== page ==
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Elizabeth Cady Stanton and Susan B. Anthony: A Friendship That Changed the World Hardcover – May 10, 2011


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Product Details

  • Age Range: 12 - 18 years
  • Grade Level: 7 - 12
  • Lexile Measure: 1180L (What's this?)
  • Hardcover: 272 pages
  • Publisher: Henry Holt and Co. (BYR) (May 10, 2011)
  • Language: English
  • ISBN-10: 080508293X
  • ISBN-13: 978-0805082937
  • Product Dimensions: 6.2 x 1 x 9.2 inches
  • Shipping Weight: 14.4 ounces (View shipping rates and policies)
  • Average Customer Review: 4.6 out of 5 stars  See all reviews (5 customer reviews)
  • Amazon Best Sellers Rank: #75,368 in Books (See Top 100 in Books)

Editorial Reviews

Review

"Presenting a lively story along with a sound dose of history, it’s a unique title that’s worth the effort.”--School Library Journal
 
"This thoughtful portrayal of two complex women is further enhanced by comprehensive backmatter, making this an invaluable addition to the literature of suffrage.” --Kirkus Reviews

About the Author

Penny Colman is the author of many award-winning nonfiction books for young readers, including Thanksgiving: A True Story; Adventurous Women: Eight True Stories about Women who Made a Difference; and Corpses, Coffins, and Crypts: A History of Burial. She is a Distinguished Lecturer at Queens College, The City University of New York, and a member of the American Society of Journalists and Authors. She lives in Englewood, New Jersey, with her family.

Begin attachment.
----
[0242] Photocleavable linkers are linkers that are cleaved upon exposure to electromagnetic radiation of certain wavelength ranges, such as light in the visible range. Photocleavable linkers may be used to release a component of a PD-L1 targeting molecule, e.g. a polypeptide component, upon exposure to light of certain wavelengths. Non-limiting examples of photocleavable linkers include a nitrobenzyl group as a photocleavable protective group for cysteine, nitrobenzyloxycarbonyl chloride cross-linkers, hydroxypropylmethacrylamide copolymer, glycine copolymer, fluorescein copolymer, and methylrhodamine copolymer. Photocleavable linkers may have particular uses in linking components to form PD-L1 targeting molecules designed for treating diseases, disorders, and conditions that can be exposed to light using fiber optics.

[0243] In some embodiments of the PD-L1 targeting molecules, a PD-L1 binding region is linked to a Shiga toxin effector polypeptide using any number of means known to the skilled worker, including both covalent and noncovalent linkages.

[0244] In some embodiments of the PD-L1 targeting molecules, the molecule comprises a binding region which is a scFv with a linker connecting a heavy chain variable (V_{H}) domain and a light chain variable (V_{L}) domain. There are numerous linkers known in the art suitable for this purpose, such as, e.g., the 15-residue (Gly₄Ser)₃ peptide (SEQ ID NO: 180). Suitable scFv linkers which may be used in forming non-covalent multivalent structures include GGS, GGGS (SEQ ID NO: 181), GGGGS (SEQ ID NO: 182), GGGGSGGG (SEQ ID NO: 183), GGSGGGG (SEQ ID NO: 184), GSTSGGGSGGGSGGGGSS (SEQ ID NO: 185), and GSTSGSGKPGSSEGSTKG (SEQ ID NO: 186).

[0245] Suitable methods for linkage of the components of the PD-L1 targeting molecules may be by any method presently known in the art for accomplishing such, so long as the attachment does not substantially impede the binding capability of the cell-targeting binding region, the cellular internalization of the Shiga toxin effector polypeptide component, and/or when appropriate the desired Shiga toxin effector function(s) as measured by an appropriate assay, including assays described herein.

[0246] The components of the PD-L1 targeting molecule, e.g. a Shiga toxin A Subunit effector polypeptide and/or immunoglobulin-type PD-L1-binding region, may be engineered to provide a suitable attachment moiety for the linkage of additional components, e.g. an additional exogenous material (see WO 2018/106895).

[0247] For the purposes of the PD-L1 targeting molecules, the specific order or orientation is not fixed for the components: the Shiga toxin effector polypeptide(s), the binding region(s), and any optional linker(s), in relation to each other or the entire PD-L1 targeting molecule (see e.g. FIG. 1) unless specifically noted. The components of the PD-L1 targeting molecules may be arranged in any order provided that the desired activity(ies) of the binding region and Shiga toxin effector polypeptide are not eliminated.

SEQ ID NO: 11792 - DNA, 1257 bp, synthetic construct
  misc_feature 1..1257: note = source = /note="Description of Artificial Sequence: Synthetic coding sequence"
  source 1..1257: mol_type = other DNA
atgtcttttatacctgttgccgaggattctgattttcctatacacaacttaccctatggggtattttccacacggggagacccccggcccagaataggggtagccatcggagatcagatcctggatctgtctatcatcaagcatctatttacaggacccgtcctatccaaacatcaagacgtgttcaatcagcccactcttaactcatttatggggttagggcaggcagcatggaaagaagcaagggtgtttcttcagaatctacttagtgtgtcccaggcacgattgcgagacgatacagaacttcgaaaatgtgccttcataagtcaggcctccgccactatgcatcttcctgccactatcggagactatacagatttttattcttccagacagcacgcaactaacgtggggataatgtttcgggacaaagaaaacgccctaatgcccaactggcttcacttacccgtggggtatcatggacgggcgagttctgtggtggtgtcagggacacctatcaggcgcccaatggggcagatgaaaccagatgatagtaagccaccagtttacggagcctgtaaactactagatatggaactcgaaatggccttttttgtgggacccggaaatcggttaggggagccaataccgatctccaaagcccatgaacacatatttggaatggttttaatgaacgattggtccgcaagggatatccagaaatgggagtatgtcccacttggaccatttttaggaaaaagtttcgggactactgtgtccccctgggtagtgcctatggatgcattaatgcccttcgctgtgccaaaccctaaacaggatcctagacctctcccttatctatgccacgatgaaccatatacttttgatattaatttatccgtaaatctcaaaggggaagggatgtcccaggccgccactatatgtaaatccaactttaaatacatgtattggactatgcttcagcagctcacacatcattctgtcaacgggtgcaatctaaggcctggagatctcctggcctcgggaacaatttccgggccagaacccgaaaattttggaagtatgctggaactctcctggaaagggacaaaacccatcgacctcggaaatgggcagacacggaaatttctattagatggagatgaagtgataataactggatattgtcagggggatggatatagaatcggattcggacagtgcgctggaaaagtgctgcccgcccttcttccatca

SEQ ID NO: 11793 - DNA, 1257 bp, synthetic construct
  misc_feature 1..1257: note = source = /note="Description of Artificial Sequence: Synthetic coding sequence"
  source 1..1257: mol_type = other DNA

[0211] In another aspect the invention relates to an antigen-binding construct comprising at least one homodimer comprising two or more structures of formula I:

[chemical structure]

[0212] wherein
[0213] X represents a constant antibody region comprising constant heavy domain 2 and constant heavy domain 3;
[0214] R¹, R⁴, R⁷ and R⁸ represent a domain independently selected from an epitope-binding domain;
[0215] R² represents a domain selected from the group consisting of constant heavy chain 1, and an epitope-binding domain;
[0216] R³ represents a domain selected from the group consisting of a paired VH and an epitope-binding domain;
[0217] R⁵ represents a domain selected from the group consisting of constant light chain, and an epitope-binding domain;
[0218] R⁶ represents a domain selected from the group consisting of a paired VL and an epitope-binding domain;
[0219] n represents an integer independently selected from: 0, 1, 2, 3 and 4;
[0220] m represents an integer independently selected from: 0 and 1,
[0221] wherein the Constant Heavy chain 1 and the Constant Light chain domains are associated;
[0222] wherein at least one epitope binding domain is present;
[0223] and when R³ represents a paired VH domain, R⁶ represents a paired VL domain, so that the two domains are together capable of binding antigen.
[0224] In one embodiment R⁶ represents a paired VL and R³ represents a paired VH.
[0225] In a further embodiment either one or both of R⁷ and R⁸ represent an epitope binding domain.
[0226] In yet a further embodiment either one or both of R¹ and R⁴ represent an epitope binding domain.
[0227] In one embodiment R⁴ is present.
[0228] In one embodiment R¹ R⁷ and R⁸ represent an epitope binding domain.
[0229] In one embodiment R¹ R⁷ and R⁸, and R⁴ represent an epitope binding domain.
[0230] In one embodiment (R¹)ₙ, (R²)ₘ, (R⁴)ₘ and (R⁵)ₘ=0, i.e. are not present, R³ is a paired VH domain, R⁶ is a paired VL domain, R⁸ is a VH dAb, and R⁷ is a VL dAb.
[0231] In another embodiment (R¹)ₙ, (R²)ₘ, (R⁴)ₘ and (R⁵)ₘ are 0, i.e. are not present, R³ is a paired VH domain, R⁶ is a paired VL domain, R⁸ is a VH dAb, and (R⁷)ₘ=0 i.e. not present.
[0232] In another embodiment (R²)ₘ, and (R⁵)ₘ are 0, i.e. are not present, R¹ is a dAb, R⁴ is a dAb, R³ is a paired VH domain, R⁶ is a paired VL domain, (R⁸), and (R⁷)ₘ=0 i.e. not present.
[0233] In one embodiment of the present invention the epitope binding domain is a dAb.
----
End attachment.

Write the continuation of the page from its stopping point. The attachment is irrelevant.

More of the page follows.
www.pennycolman.com


More About the Author

Penny Colman writes about illustrious and fascinating women and a wide range of significant and intriguing topics in her award-winning books for all ages. Born in Denver, Colorado, in 1944, she grew up in North Warren, Pennsylvania, on the grounds of a state mental hospital, where her father was a psychiatrist. In 1960, she joined a group and rode her bicycle (plus took a few train rides) across the U.S. In 1964 she dropped out of college, worked in a frozen food factory in Sweden and hitchhiked throughout Europe, including to Turkey and Greece. Between 1965-1970, she graduated from college and graduate school, got married, and had three very close-in-age children. In 1987, as her children were graduating from high school, Penny Colman embarked on a freelance writing career and has been going full steam ever since.

Customer Reviews

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Most Helpful Customer Reviews

9 of 9 people found the following review helpful By Yana V. Rodgers on May 10, 2011
Format: Hardcover
Even in their early years, Elizabeth Cady Stanton and Susan B. Anthony understood that American society considered girls and women to be second-class citizens. As they each grew older, Elizabeth and Susan grew more frustrated with the fact that women could not claim ownership of property or the money they earned, they faced barriers at the colleges that men attended, they were denied the right to vote, and the primary aspiration assigned to them by social norms was to stay home to take care of their husbands and children. Elizabeth and Susan both realized that the most effective way to change women's inferior status and to reform the existing laws was to grant women the right to vote.